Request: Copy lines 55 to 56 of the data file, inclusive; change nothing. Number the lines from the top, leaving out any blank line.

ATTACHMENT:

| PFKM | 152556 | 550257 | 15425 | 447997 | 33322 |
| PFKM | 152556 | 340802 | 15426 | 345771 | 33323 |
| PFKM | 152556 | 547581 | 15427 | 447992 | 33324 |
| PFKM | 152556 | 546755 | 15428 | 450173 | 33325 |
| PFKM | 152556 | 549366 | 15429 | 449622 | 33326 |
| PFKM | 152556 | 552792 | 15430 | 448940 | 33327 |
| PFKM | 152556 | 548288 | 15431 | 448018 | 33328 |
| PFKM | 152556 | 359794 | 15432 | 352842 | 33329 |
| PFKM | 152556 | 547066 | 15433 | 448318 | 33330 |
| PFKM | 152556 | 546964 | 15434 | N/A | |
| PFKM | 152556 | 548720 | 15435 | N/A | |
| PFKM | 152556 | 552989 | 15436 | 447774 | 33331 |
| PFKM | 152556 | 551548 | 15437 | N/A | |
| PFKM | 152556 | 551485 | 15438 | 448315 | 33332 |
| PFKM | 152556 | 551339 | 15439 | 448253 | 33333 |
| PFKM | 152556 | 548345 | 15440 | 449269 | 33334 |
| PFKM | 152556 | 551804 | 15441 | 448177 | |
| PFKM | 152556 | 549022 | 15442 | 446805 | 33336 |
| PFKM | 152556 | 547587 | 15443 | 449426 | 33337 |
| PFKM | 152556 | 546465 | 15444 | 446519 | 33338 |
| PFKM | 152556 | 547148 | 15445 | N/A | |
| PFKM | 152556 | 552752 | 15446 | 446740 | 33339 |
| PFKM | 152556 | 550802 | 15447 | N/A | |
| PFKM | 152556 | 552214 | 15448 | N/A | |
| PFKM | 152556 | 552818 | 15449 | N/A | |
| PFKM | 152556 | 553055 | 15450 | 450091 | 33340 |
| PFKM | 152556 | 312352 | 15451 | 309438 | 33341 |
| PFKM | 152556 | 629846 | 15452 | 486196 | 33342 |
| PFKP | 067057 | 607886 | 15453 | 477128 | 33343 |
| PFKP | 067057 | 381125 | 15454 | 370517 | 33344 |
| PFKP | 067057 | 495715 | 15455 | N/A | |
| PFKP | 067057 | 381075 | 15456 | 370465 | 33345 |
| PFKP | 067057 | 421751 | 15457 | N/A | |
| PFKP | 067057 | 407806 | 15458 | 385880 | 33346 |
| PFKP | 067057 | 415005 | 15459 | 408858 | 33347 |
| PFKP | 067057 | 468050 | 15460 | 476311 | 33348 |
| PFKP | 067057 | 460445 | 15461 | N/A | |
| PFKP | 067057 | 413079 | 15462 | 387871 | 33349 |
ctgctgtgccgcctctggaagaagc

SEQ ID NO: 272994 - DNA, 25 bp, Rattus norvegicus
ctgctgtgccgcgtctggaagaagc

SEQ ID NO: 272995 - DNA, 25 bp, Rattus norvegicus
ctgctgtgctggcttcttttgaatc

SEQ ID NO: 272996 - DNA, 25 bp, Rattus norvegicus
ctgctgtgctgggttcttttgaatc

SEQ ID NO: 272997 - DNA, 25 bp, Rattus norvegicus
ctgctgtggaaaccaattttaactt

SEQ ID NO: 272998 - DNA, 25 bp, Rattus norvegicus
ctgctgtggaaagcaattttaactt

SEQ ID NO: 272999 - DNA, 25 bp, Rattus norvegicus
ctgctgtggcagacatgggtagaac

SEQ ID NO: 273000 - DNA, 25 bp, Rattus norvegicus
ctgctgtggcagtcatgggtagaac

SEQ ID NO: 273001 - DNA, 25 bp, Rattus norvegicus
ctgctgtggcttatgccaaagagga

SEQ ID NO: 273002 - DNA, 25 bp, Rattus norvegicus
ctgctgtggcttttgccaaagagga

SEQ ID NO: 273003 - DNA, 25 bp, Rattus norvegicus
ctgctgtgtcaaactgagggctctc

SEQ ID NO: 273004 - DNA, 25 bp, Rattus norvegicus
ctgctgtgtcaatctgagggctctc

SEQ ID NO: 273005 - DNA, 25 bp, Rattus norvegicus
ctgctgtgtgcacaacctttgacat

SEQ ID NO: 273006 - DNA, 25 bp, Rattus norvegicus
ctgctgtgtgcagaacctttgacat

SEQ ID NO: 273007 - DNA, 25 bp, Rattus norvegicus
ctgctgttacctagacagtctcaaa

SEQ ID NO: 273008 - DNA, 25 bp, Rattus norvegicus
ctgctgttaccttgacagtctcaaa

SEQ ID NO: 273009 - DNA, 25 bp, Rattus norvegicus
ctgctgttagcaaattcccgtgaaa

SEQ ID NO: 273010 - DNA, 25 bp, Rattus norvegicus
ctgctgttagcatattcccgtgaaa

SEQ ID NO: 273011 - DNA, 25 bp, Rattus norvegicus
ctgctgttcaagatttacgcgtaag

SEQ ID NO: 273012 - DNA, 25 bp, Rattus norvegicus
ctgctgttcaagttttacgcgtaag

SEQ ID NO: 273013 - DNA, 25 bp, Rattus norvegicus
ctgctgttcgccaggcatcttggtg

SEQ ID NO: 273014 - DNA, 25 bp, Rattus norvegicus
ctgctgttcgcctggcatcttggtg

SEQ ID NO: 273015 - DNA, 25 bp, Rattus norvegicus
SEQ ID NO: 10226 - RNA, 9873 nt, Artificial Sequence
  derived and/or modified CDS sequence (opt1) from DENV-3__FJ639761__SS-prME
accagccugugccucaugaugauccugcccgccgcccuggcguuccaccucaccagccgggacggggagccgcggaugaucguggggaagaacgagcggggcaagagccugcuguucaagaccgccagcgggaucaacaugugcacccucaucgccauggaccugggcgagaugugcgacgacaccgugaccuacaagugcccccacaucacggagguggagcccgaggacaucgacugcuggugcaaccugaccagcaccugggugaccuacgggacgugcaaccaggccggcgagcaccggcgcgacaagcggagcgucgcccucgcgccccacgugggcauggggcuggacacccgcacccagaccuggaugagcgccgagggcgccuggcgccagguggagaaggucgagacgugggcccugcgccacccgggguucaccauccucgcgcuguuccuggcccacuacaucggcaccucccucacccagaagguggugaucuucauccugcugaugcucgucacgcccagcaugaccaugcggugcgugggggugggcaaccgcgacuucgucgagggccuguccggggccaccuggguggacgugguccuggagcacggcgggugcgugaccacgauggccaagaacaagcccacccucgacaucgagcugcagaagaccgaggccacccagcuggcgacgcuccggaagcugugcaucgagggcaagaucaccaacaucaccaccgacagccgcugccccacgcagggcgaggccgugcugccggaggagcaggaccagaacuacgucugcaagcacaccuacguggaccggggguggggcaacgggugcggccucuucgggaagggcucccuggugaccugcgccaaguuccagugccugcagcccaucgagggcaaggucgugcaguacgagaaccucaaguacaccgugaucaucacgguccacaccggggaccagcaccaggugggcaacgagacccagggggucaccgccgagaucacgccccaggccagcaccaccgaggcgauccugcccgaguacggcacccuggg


ctgctgtggcttatgccaaagagga

SEQ ID NO: 273002 - DNA, 25 bp, Rattus norvegicus